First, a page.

Wednesday, February 15, 2006

Tuition Tax Credits Petition Letter
Please tell me my eyes are playing tricks on me

The Congregation Ahavas Yisroel of Kew Garden Hills blog has posted a letter from Rabbi Eli Mansour of Brooklyn which is asking members of the New York communities to sign a petition to be submitted to Govenor Pataki in support of tax credits.

I have demonstrated my support for these tax credits (which we will be unable to benefit from as we do not live in New York) here, here, here, and here. I am still in support of the tax credits because I believe families with children should be given a helping hand in the form of lower taxes so they can make appropriate educational and extra-curricular choices while raising their children.

However, now I am extremely shocked and upset! In this letter, the Rabbi states:

  • Needless to say, private school tuition costs are one of, if not the largest monetary burden facing our families. If this bill, which is coming before the New York State Legislature next month, were to pass, - the strain on many of our community's organizations, including; the Sephardic Bikur Holim, the Sephardic Angel Fund, the Sephardic Food Fund, and even Sephardic SAFE, will be greatly reduced. Even our Yeshiva's will be less pressured, as the need to provide student scholarships and discounted tuition costs will be sharply reduced.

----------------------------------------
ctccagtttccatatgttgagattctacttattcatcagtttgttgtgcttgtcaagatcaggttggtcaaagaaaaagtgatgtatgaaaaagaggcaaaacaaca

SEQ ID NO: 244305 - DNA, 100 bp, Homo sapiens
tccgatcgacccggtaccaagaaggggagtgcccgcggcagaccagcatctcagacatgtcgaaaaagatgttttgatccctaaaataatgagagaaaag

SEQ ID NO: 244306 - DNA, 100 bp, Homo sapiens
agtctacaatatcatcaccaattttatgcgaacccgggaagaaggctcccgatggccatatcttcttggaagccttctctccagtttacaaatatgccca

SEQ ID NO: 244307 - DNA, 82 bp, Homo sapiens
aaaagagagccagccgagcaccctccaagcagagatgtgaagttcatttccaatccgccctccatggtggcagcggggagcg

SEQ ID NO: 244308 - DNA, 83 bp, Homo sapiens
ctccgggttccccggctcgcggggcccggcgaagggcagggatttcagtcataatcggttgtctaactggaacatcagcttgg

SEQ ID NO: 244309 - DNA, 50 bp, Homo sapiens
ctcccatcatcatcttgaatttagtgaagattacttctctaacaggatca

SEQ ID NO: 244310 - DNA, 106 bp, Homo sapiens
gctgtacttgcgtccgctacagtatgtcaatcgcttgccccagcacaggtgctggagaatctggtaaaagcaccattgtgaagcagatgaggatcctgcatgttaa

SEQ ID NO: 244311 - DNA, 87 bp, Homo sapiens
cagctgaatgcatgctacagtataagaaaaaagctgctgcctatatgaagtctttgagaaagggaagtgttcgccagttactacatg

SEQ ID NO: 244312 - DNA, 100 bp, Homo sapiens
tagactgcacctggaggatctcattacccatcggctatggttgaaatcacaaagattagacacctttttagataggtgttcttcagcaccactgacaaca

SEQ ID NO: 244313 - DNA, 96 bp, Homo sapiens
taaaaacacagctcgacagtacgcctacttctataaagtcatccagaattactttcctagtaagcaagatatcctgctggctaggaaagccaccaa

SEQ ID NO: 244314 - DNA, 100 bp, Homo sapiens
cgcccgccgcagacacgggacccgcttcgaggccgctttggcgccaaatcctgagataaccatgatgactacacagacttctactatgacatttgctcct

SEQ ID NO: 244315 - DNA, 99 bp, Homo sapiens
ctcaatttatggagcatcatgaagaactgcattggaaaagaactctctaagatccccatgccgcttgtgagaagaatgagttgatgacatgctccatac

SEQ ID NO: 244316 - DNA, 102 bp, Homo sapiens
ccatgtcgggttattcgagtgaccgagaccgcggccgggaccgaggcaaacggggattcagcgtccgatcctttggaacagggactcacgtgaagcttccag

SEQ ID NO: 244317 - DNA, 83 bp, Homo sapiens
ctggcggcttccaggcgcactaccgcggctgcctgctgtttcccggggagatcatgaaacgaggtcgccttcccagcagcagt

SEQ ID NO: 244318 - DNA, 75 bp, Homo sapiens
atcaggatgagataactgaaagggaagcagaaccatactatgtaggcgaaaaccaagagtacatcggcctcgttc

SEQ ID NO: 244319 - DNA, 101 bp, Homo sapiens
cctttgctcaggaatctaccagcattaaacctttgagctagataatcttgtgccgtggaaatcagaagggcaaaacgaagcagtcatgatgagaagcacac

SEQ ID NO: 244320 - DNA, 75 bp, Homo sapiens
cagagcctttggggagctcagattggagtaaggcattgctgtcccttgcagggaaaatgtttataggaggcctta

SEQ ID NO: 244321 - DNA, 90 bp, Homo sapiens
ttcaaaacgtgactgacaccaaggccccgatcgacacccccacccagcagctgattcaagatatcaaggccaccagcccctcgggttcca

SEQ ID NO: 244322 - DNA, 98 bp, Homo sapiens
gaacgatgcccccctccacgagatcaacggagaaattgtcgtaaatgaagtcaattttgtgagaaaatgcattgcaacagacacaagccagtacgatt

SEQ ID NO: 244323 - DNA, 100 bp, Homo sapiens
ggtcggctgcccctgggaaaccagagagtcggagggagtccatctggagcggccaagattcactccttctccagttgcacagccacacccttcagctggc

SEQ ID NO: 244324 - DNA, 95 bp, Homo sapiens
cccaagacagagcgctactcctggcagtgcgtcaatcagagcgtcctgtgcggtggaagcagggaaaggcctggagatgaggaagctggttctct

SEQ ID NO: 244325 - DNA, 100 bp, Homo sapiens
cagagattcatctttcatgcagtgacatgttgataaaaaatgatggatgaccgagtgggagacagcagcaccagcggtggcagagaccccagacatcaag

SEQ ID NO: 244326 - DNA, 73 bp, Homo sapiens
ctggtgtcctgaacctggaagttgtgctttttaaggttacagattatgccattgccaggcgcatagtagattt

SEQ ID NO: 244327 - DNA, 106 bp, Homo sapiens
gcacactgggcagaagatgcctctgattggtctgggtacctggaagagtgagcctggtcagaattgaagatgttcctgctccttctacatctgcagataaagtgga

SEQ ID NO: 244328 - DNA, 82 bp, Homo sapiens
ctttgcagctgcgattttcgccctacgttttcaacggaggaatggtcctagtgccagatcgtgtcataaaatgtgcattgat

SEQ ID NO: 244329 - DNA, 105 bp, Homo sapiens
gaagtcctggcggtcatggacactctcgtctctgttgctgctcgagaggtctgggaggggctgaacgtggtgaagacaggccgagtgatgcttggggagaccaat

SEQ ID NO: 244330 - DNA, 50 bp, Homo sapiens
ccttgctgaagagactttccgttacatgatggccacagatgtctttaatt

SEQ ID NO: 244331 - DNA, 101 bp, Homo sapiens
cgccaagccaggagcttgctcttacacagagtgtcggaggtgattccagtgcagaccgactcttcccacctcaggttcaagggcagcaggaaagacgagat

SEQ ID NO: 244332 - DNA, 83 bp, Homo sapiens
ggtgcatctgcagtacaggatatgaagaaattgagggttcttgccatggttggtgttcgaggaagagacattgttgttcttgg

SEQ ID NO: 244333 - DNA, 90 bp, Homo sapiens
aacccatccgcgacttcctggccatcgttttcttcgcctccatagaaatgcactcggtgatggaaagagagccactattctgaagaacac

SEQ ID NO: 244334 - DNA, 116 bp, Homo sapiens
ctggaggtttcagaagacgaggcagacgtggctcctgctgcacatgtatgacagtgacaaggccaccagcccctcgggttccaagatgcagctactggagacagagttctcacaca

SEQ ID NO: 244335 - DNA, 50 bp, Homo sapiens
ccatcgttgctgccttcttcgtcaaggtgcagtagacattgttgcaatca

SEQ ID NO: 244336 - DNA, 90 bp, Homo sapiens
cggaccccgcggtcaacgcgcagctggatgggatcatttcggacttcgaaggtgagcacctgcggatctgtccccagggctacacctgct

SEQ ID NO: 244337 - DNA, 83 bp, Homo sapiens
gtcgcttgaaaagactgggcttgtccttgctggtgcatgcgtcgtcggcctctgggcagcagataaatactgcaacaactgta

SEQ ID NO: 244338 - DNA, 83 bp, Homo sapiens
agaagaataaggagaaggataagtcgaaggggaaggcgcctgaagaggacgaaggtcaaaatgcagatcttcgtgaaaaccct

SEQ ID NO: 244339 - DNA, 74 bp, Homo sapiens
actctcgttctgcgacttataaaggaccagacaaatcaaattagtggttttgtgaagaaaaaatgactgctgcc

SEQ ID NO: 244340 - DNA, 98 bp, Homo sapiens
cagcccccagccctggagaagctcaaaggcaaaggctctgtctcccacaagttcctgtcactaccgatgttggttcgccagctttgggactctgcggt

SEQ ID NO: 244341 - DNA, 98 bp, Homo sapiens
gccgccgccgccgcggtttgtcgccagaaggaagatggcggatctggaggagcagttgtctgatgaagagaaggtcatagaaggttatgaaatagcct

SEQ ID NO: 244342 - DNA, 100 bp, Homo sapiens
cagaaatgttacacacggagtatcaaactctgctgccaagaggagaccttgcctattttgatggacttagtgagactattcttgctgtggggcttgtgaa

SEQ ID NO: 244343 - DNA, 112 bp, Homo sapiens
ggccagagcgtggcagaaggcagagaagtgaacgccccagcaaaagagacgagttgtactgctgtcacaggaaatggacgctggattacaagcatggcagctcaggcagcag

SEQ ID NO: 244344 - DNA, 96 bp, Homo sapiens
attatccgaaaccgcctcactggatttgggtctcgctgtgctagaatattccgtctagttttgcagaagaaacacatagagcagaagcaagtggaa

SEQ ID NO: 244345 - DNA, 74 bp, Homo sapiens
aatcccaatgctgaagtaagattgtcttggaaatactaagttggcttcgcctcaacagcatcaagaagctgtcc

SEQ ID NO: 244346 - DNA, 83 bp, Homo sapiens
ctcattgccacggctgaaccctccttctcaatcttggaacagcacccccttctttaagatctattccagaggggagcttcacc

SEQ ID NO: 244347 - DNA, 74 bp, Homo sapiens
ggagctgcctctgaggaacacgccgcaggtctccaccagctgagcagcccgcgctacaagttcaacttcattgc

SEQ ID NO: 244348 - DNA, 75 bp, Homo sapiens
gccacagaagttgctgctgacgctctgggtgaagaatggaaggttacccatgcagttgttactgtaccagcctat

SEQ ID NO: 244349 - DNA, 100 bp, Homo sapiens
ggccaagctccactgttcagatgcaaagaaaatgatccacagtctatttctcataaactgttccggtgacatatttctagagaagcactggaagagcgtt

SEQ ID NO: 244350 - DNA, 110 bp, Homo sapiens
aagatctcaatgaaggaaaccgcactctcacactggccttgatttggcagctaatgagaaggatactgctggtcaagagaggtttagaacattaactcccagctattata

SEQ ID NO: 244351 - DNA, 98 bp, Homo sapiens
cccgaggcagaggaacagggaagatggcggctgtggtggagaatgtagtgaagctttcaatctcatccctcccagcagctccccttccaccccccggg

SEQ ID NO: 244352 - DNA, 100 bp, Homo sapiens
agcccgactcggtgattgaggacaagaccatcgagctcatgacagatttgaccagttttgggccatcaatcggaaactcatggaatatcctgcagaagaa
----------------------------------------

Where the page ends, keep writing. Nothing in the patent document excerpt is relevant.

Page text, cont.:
While I am absolutely thrilled to see so many members of the Modern Orthodox and the Sephardic Communities get involved in a tangible way to try to bring this bill to fruition, I am absolutely enraged that a Rav would PUBLICALLY admit tuition is going to go up for those who are struggling the most! Discounted tuition costs will be sharply reduced?!?!?!